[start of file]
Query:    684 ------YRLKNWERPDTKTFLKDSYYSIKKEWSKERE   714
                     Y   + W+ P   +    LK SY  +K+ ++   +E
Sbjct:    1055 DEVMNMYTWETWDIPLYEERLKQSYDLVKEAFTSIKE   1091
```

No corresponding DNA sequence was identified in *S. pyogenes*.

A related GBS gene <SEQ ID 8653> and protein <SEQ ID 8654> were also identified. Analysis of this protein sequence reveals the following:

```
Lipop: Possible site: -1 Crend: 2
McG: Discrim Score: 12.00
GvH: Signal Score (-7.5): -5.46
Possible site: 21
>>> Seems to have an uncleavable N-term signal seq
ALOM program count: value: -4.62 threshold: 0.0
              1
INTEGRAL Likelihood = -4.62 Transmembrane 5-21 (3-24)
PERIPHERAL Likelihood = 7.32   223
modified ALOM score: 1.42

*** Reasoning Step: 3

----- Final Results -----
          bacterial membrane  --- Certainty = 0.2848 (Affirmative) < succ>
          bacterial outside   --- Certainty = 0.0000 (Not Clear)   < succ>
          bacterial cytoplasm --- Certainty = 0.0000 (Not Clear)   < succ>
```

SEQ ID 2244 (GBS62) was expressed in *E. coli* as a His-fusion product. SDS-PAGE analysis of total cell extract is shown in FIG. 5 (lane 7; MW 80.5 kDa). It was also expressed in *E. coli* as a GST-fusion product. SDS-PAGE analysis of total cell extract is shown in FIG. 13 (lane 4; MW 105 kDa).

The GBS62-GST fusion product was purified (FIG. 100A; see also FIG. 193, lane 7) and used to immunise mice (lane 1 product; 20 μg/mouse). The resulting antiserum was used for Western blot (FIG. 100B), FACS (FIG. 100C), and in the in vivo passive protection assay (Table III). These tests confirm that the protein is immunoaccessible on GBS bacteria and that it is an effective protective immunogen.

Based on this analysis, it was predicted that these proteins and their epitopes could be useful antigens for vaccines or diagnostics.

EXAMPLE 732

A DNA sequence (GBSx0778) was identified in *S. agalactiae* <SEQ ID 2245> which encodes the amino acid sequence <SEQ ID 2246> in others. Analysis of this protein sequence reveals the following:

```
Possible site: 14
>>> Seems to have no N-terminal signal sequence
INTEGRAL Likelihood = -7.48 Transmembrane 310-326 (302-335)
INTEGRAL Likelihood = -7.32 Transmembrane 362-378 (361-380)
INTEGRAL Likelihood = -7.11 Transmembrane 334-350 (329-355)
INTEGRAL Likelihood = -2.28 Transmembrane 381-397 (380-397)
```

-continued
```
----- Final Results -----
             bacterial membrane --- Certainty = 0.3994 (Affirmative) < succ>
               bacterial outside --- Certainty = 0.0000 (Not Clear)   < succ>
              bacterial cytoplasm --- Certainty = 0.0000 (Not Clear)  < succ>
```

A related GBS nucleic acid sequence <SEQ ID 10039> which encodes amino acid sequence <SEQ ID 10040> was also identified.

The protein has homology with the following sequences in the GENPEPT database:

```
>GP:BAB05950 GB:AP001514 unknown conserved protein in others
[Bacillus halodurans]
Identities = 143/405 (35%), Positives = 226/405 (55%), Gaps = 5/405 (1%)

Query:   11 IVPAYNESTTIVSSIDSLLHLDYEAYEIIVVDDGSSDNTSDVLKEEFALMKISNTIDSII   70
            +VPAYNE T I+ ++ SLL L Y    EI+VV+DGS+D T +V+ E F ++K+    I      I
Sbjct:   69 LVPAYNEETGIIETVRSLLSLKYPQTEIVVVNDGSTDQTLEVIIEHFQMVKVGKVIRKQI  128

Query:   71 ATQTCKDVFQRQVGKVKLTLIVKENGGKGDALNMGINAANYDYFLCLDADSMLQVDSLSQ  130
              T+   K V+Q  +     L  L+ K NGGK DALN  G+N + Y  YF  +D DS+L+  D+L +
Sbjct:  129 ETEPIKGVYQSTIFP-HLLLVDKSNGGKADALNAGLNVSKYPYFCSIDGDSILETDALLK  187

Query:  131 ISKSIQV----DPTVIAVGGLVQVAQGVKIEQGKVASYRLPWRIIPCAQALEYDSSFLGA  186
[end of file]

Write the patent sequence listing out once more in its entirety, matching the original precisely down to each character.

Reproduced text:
Query:    684 ------YRLKNWERPDTKTFLKDSYYSIKKEWSKERE   714
                     Y   + W+ P   +    LK SY  +K+ ++   +E
Sbjct:    1055 DEVMNMYTWETWDIPLYEERLKQSYDLVKEAFTSIKE   1091
```

No corresponding DNA sequence was identified in *S. pyogenes*.

A related GBS gene <SEQ ID 8653> and protein <SEQ ID 8654> were also identified. Analysis of this protein sequence reveals the following:

```
Lipop: Possible site: -1 Crend: 2
McG: Discrim Score: 12.00
GvH: Signal Score (-7.5): -5.46
Possible site: 21
>>> Seems to have an uncleavable N-term signal seq
ALOM program count: value: -4.62 threshold: 0.0
              1
INTEGRAL Likelihood = -4.62 Transmembrane 5-21 (3-24)
PERIPHERAL Likelihood = 7.32   223
modified ALOM score: 1.42

*** Reasoning Step: 3

----- Final Results -----
          bacterial membrane  --- Certainty = 0.2848 (Affirmative) < succ>
          bacterial outside   --- Certainty = 0.0000 (Not Clear)   < succ>
          bacterial cytoplasm --- Certainty = 0.0000 (Not Clear)   < succ>
```

SEQ ID 2244 (GBS62) was expressed in *E. coli* as a His-fusion product. SDS-PAGE analysis of total cell extract is shown in FIG. 5 (lane 7; MW 80.5 kDa). It was also expressed in *E. coli* as a GST-fusion product. SDS-PAGE analysis of total cell extract is shown in FIG. 13 (lane 4; MW 105 kDa).

The GBS62-GST fusion product was purified (FIG. 100A; see also FIG. 193, lane 7) and used to immunise mice (lane 1 product; 20 μg/mouse). The resulting antiserum was used for Western blot (FIG. 100B), FACS (FIG. 100C), and in the in vivo passive protection assay (Table III). These tests confirm that the protein is immunoaccessible on GBS bacteria and that it is an effective protective immunogen.

Based on this analysis, it was predicted that these proteins and their epitopes could be useful antigens for vaccines or diagnostics.

EXAMPLE 732

A DNA sequence (GBSx0778) was identified in *S. agalactiae* <SEQ ID 2245> which encodes the amino acid sequence <SEQ ID 2246> in others. Analysis of this protein sequence reveals the following:

```
Possible site: 14
>>> Seems to have no N-terminal signal sequence
INTEGRAL Likelihood = -7.48 Transmembrane 310-326 (302-335)
INTEGRAL Likelihood = -7.32 Transmembrane 362-378 (361-380)
INTEGRAL Likelihood = -7.11 Transmembrane 334-350 (329-355)
INTEGRAL Likelihood = -2.28 Transmembrane 381-397 (380-397)
```

-continued
```
----- Final Results -----
             bacterial membrane --- Certainty = 0.3994 (Affirmative) < succ>
               bacterial outside --- Certainty = 0.0000 (Not Clear)   < succ>
              bacterial cytoplasm --- Certainty = 0.0000 (Not Clear)  < succ>
```

A related GBS nucleic acid sequence <SEQ ID 10039> which encodes amino acid sequence <SEQ ID 10040> was also identified.

The protein has homology with the following sequences in the GENPEPT database:

```
>GP:BAB05950 GB:AP001514 unknown conserved protein in others
[Bacillus halodurans]
Identities = 143/405 (35%), Positives = 226/405 (55%), Gaps = 5/405 (1%)

Query:   11 IVPAYNESTTIVSSIDSLLHLDYEAYEIIVVDDGSSDNTSDVLKEEFALMKISNTIDSII   70
            +VPAYNE T I+ ++ SLL L Y    EI+VV+DGS+D T +V+ E F ++K+    I      I
Sbjct:   69 LVPAYNEETGIIETVRSLLSLKYPQTEIVVVNDGSTDQTLEVIIEHFQMVKVGKVIRKQI  128

Query:   71 ATQTCKDVFQRQVGKVKLTLIVKENGGKGDALNMGINAANYDYFLCLDADSMLQVDSLSQ  130
              T+   K V+Q  +     L  L+ K NGGK DALN  G+N + Y  YF  +D DS+L+  D+L +
Sbjct:  129 ETEPIKGVYQSTIFP-HLLLVDKSNGGKADALNAGLNVSKYPYFCSIDGDSILETDALLK  187

Query:  131 ISKSIQV----DPTVIAVGGLVQVAQGVKIEQGKVASYRLPWRIIPCAQALEYDSSFLGA  186